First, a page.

What started as puffy swollen gums has now progressed to include inflammation of surrounding bone and ligaments – increasing the risk of premature tooth loss and oral infections. What was once Gingivitis is now Periodontal Disease – a condition that needs to be treated to control symptoms.
What is Periodontal Disease?
Calgary Family Dentists at Apple Dental Group explain that Periodontal Disease is defined as infections that involve all structures surrounding teeth – including gum, periodontal ligaments and alveolar bone. Periodontal Disease isn’t something to be ignored as the damaging effects of this disease can cause a patient to deal with ongoing oral discomfort and struggle with tooth mobility that makes chewing food not only painful but difficult.
What Causes Periodontal Disease?
Mild gingivitis is considered to be a common sign of gum disease – something that is both controllable and reversible. Daily brushing and flossing along with regular dental cleanings by a hygienist can stop gingivitis from advancing by removing deposits of plaque and calculus that contain bacteria that irritates oral tissues. But when plaque and calculus levels are allowed to build up the risk of gingivitis developing in to periodontal disease is heightened due to the destructive nature of certain oral bacteria. Bacteria that live in plaque survive by feeding on carbohydrate debris that remains in the mouth from ineffective home care. Toxins are released by oral bacteria when feeding on simple carbohydrates causing gum and bone tissue to become inflamed. Not brushing and flossing only contributes to the advancement of periodontal disease as increased gum inflammation creates the perfect place for food debris to get caught and interact with bacteria. Once pockets of gum tissue exist it’s imperative to see your Calgary Dentist regularly for deep cleanings.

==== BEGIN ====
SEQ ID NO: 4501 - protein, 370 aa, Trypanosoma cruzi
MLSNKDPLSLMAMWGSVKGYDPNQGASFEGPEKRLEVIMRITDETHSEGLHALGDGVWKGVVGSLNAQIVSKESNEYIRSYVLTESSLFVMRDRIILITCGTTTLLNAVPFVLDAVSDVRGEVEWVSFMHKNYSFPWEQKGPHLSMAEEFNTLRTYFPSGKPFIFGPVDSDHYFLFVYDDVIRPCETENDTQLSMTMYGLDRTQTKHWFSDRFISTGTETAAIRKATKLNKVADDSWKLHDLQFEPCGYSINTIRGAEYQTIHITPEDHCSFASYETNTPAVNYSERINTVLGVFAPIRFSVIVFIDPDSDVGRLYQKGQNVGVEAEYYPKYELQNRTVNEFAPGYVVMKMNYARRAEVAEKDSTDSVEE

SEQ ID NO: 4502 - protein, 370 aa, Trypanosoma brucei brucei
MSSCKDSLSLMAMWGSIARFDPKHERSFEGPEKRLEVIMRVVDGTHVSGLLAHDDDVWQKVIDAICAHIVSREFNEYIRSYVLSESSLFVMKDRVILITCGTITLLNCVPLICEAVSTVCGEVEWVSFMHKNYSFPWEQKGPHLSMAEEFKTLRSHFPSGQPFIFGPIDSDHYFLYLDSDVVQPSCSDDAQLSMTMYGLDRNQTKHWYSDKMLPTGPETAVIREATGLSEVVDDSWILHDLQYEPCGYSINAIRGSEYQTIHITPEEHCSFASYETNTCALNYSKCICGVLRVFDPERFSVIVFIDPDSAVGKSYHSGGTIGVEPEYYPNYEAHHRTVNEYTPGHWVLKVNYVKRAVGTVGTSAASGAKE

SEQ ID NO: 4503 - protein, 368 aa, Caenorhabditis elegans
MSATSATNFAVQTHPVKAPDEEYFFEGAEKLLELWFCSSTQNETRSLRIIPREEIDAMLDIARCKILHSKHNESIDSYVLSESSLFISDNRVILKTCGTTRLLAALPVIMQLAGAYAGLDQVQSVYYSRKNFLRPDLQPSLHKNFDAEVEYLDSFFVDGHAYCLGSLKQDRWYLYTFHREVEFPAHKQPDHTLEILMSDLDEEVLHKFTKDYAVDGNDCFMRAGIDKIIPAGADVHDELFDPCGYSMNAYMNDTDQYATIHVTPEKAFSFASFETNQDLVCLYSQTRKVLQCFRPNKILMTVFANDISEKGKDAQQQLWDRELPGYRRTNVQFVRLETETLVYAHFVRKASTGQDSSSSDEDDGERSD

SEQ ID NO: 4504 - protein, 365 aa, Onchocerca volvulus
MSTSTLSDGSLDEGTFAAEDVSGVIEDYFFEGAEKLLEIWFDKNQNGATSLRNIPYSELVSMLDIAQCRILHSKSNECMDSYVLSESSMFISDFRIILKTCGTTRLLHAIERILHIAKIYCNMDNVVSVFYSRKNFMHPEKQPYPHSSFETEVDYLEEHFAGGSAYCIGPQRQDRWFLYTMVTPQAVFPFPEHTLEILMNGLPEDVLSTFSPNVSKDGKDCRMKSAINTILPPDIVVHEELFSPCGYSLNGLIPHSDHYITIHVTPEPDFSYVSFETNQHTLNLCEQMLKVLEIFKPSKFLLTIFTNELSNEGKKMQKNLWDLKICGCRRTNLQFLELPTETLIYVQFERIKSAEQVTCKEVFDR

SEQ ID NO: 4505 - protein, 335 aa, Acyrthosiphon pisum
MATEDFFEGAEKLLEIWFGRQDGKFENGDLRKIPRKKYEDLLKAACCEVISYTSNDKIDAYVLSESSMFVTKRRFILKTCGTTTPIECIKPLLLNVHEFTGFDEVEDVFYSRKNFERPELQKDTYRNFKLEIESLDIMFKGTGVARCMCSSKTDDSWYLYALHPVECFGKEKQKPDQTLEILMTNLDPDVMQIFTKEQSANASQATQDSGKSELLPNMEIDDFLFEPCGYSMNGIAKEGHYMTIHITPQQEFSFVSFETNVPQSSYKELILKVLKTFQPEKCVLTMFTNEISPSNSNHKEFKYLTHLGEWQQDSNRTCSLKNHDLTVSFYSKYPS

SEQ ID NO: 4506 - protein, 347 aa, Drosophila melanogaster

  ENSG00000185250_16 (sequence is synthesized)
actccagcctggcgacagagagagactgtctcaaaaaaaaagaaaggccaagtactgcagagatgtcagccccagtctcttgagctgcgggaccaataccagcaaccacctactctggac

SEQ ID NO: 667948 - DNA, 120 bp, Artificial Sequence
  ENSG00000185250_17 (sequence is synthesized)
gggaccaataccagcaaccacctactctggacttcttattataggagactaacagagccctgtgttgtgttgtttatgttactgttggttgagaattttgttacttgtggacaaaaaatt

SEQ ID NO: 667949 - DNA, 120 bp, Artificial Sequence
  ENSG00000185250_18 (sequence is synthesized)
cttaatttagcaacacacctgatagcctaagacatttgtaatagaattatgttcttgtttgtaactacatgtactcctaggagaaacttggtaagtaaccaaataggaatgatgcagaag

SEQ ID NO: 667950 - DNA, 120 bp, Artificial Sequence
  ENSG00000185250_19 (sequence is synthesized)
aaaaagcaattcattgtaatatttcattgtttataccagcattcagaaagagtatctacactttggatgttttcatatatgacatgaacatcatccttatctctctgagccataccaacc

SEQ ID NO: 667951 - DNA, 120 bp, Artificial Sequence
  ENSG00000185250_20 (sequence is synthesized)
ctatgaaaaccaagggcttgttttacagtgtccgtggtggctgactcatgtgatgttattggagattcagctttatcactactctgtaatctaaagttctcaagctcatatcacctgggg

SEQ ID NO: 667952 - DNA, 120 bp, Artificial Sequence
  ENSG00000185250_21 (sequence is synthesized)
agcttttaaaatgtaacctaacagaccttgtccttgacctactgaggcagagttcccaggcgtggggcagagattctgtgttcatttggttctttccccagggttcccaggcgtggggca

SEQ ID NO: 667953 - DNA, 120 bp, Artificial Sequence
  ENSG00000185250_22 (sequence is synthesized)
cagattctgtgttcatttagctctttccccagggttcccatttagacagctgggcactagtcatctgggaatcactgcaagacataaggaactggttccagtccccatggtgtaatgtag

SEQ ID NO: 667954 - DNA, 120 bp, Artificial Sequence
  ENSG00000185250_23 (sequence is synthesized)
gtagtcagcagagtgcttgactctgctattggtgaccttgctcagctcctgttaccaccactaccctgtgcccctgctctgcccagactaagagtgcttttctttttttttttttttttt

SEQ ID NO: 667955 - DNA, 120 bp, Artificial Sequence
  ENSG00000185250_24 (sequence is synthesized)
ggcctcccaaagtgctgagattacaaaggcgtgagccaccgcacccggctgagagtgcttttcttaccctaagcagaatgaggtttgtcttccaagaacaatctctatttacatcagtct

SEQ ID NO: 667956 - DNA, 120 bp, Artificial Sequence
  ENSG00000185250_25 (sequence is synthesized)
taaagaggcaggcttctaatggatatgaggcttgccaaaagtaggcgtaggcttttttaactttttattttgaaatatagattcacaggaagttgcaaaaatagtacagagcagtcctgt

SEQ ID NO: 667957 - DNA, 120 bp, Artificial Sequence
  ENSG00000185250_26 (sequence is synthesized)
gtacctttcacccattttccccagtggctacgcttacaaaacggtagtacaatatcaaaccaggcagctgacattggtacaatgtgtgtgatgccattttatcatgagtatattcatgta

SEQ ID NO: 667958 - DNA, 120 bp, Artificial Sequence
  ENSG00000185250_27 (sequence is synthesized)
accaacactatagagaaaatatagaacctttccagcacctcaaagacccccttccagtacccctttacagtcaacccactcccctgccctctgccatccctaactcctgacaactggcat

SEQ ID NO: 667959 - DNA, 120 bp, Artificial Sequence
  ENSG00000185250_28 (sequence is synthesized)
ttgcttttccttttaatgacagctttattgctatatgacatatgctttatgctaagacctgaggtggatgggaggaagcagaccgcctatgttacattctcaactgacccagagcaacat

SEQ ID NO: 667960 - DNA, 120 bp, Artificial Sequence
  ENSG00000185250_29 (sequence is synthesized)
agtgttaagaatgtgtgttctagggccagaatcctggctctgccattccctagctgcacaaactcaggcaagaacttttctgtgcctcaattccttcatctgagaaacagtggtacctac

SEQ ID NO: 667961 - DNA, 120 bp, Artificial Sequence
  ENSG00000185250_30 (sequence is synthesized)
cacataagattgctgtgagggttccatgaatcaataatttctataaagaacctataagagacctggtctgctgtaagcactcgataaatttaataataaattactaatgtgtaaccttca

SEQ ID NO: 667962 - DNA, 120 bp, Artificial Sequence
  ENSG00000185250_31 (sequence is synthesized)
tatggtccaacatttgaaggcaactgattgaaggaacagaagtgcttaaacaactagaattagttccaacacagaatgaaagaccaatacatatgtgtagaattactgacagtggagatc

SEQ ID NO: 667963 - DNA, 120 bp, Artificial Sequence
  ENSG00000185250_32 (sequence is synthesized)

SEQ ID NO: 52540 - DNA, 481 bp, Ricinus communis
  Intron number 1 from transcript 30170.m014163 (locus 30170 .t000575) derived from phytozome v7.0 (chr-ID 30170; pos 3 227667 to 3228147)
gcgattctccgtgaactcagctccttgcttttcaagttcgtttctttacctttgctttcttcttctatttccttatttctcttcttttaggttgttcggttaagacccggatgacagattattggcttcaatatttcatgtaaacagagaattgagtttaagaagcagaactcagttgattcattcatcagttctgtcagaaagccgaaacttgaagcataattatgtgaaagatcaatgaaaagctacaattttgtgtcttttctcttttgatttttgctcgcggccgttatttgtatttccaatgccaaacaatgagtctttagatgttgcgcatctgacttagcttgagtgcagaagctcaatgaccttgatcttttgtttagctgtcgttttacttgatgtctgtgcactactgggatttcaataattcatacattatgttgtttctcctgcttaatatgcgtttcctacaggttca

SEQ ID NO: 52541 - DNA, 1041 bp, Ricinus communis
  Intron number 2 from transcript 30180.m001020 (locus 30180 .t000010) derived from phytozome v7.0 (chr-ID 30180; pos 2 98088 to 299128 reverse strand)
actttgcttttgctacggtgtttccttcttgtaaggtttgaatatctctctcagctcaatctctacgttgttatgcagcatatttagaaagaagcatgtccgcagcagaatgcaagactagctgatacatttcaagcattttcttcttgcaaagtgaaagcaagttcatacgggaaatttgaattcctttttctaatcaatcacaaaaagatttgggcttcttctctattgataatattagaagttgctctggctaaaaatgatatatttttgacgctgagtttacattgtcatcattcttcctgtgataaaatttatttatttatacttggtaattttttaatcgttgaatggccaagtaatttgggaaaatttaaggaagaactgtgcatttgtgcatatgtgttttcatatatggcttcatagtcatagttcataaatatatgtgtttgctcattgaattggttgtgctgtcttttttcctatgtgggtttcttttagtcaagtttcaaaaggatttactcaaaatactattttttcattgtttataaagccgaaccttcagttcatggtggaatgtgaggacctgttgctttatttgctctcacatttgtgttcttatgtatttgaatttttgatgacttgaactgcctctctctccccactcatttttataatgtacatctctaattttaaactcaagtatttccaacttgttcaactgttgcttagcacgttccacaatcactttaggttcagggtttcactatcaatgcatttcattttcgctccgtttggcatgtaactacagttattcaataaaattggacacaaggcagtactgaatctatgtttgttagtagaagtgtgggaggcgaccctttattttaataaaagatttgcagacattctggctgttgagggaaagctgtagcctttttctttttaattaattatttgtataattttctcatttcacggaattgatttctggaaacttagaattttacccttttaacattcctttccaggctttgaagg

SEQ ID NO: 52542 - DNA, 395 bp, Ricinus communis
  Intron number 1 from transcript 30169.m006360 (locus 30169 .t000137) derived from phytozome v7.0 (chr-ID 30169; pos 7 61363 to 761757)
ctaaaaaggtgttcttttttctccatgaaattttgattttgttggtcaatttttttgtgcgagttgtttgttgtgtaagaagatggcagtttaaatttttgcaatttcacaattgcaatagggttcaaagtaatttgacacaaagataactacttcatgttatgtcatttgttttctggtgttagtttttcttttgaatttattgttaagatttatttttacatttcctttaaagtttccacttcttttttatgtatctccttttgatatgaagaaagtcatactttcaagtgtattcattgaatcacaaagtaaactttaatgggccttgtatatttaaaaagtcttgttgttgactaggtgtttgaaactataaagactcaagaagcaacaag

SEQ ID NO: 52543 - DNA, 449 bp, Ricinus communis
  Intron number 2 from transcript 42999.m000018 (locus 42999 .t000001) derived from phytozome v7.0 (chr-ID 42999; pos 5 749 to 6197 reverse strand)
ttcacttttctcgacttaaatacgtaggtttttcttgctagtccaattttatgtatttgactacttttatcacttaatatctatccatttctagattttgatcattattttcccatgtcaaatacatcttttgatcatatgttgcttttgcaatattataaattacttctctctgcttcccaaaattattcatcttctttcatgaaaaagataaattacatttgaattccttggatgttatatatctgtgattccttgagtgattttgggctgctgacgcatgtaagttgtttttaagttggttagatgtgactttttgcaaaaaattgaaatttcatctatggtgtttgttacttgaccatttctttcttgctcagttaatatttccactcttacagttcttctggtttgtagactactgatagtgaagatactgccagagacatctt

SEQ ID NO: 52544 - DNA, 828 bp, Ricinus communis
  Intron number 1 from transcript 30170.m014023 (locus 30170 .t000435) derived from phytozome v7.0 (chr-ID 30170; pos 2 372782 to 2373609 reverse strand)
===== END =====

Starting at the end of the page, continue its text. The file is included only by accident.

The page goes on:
Can Periodontal Disease Be Controlled?
Periodontal Disease can be controlled through professional cleanings, diligent homecare and some changes to lifestyle habits. People who smoke are at greater risk of developing periodontal disease due to tobacco’s effects on oral tissue. Smoking weakens a person’s immune system, making it harder to fight off infections, including oral infections and impedes gum and bone healing. Alcohol can also make some gum conditions worse due to the dehydrating impact on gum tissue.